Arise Before Dawn
By Dovid Friedman
Pitch darkness, the black of night, the entire universe slumbers and sleeps. Business men have retired for the night; factories are closed and the workers are sleeping. The Stores are bolted all is still and silent. In the distance one can hear the fain sound of a dog barking.
What normal person gets up at such an hour? Who would forgo those sweet hours of slumber? After all, tomorrow is another day, with plenty of work to be done!
But some have is a different reality!
The hour is midnight.
The sounds of footsteps are heard. A young married Torah scholar, carrying his tallis and Tefilin, rushes through the darkened streets and enters the Beis Medrash.
The scene repeats itself from every side. To your left is an older, middle-aged man heading in the same direction. By the damp peyos framing his face it's obvious that despite the early hour he has already immersed in the mikveh.
As you enter the Beis Medrash, you stand still in amazement: It is as full of life and activity as a yeshiva in the height of the day. Dozens of Torah scholars are totally absorbed in learning Torah, some alone, some in pairs.
Looking closer, you realize that the man sitting next to you is shedding tears as he prays. When he finishes reciting Tikkun Chatzos, he quickly gets up and within moments returns with two volumes of Gemara, one for himself and one for his chavrusa. Within minutes they are totally involved in the intricacies of the material they are learning. At the next bench is a different pair. It's obvious that they were totally absorbed in their study long before you arrived.
"It is a great privilege to take part in the Torah learning of these Torah scholars who push sleep away from their eyes. It will be an eternal merit for you and your family. There is nothing that draws down Heavenly mercy more than toiling in the holy Torah during these hours."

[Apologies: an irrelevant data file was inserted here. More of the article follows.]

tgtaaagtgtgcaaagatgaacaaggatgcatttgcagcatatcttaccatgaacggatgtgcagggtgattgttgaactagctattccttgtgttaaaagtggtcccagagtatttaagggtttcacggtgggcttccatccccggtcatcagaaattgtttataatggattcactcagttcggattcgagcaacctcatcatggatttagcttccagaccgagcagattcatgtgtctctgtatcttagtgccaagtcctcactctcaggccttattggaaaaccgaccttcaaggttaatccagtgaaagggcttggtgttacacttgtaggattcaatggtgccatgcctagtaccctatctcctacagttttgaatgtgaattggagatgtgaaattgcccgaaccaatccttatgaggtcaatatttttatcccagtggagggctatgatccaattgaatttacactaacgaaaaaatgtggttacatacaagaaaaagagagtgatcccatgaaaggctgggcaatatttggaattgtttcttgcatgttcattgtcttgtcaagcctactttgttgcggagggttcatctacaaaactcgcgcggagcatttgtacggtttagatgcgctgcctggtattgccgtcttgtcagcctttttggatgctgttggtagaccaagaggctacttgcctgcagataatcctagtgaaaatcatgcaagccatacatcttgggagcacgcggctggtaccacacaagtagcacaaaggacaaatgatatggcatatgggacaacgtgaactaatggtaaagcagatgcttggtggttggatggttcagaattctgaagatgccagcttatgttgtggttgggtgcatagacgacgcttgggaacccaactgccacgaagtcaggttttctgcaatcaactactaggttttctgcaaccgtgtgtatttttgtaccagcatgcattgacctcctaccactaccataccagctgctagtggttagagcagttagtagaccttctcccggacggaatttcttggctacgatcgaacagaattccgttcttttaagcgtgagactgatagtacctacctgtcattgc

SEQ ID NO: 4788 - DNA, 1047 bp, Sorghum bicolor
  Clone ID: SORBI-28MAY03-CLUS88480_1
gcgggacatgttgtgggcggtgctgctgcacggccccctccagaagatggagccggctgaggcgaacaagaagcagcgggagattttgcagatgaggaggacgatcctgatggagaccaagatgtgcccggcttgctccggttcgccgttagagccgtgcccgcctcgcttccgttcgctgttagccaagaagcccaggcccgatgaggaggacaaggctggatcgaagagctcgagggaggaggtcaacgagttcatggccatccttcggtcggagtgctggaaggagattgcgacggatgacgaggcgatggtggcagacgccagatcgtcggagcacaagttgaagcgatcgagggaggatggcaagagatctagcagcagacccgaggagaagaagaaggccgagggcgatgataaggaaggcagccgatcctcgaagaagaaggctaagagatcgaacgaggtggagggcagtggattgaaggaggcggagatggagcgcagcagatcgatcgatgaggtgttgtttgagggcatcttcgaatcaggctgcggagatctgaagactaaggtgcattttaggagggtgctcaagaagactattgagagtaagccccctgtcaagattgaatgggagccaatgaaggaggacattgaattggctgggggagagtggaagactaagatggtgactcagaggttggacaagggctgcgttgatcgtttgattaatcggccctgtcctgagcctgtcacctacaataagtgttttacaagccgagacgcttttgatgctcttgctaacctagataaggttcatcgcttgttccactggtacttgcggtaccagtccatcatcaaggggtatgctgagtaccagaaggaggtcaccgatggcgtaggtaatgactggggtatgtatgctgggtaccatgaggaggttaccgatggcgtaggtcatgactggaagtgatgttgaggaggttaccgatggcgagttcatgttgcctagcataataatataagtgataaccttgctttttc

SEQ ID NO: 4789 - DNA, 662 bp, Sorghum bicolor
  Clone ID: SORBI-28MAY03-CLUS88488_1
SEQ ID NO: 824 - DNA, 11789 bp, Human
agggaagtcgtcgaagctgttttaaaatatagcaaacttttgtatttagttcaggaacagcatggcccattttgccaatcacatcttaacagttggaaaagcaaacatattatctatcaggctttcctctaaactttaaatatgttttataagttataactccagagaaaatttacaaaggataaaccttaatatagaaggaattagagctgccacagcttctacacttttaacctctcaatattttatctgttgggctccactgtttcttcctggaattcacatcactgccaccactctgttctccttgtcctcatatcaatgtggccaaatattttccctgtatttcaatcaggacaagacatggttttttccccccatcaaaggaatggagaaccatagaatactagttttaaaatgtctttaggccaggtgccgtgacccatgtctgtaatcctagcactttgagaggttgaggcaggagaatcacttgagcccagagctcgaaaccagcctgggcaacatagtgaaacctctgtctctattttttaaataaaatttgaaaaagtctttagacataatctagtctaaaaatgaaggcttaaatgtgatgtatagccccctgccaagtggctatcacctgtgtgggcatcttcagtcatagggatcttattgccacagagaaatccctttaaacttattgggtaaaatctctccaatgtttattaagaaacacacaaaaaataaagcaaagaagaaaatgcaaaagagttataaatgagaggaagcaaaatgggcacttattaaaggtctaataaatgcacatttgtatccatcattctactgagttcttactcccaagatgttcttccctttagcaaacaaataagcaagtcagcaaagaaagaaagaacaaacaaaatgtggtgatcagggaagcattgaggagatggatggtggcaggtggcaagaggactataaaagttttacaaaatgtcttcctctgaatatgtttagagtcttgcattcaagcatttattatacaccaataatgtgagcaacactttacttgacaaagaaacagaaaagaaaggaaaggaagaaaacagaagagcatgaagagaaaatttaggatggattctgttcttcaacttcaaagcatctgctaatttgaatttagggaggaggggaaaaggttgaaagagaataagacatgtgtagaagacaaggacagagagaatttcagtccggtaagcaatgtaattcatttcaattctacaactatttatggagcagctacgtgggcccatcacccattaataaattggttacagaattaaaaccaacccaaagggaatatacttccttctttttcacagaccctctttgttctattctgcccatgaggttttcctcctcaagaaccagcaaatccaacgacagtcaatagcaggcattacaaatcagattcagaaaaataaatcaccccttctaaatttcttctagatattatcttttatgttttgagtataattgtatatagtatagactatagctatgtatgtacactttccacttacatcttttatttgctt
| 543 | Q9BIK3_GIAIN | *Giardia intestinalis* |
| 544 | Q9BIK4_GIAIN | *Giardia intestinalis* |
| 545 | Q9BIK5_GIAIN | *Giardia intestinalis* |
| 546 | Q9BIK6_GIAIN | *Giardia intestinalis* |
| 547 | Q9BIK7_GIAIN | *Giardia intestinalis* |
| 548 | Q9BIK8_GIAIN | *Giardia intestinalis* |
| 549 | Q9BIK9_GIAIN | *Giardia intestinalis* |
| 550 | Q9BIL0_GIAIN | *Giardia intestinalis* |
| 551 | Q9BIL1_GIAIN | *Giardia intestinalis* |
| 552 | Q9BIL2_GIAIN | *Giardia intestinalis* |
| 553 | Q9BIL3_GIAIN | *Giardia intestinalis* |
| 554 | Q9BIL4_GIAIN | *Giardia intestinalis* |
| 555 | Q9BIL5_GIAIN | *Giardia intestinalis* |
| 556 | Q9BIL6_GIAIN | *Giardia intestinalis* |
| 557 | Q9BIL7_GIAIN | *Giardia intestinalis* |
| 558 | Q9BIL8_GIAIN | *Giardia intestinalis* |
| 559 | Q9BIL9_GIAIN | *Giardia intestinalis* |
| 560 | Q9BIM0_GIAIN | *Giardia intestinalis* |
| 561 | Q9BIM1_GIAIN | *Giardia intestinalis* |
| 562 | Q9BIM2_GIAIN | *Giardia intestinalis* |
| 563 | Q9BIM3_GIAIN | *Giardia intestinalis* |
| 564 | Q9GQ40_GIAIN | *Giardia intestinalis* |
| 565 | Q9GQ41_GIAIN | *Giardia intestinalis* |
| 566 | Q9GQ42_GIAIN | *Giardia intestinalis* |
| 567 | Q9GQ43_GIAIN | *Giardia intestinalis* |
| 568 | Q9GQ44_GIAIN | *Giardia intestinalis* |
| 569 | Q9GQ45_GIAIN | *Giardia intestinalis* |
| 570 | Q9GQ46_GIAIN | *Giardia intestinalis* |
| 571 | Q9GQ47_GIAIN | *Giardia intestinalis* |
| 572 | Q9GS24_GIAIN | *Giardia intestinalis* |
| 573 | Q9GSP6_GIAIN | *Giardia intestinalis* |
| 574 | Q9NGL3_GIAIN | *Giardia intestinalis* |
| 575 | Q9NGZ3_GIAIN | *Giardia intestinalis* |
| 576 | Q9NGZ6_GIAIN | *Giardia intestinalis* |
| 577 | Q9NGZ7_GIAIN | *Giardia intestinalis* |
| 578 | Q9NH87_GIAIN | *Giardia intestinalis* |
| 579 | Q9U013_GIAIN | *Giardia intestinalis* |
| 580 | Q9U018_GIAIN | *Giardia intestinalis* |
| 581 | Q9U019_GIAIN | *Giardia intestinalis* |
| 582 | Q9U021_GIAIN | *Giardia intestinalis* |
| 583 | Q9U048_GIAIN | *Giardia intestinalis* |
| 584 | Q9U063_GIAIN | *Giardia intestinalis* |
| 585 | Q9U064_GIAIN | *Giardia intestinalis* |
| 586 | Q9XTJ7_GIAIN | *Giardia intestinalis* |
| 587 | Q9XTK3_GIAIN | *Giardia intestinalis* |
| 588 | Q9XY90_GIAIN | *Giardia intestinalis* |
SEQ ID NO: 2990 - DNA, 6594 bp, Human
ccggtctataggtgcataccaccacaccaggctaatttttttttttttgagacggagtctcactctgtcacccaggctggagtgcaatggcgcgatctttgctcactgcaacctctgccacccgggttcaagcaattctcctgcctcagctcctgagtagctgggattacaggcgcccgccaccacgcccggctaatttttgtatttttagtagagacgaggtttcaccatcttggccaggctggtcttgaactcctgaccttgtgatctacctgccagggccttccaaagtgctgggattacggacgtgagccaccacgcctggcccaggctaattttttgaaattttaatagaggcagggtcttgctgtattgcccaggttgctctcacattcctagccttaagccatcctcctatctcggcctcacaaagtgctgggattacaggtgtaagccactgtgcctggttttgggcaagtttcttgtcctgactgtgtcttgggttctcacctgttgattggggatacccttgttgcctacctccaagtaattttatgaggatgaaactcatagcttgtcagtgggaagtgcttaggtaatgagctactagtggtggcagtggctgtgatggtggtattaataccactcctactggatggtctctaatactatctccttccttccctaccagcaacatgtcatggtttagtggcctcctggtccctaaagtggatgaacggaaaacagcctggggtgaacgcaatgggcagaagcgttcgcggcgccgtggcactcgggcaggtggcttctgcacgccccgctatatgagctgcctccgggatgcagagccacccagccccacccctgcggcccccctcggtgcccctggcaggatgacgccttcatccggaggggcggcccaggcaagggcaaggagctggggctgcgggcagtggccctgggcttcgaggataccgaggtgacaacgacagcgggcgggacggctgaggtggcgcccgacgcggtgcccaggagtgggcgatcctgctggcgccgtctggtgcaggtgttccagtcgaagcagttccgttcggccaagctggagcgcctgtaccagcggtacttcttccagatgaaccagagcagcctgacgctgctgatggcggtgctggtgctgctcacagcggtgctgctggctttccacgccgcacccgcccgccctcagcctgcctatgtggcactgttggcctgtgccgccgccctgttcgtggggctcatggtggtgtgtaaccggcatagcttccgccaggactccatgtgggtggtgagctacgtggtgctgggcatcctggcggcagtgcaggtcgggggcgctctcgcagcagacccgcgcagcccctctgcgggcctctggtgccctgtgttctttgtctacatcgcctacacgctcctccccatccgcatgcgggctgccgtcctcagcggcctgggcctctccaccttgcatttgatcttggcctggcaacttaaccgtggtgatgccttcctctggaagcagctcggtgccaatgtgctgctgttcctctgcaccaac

HaRav Ya'akov Meir Schechter, shlita
Rosh Mesivta of the Yeshiva of Mekubalim
Click here to view the Tikkun Chatzos.
What is going on here? Why are so many talented Torah scholars attracted to this Beis Medrash? Why do they gather at such an unusual hour?
Many of our holy books talk about the importance of learning at chatzos. Following, we will clarify the concept and explain the reasons for such a lofty practice.
The Shulchan Aruch begins with the words, "Strengthen yourself like a lion to arise in the morning to serve your Creator; he should wake up the dawn…" (Shulchan Aruch Orach Chaim a). But what is the Shulchan Aruch referring to? The Shulchan Aruch, which determines the halacha, writes that a person must (as much as he possibly can) arise early, before dawn, while it is still night, to pray (to serve his Creator refers to prayer). While emphasizing the importance of rising early, the Shulchan Aruch also recognizes the difficulty involved in doing that, and therefore writes, "strengthen yourself like a lion…"
To understand the simple meaning: Two different types of soldiers serve in the king's army: one group barely fulfills their duties. Although they cannot be accused of disobeying orders, it's obvious that their heart is not in it and that they'd rather be doing something else. The second group fulfills their tasks with tremendous alacrity, joyfully following the king's orders. It's obvious from their behavior that they truly desire to serve the king.
The same hold true with divine service. Our real inner self, our deepest soul, desires to serve the King of kings, but our yetzer get in our way. Therefore we must try to perceive our true desire, which pines for the moment we can begin serving our Creator. That moment is dawn, when we are able to fortify ourselves like a lion to serve our Father in heaven (Tur Aruch Chaim a, and commentators).
An additional explanation according to the holy sefer, Likutey Halachos: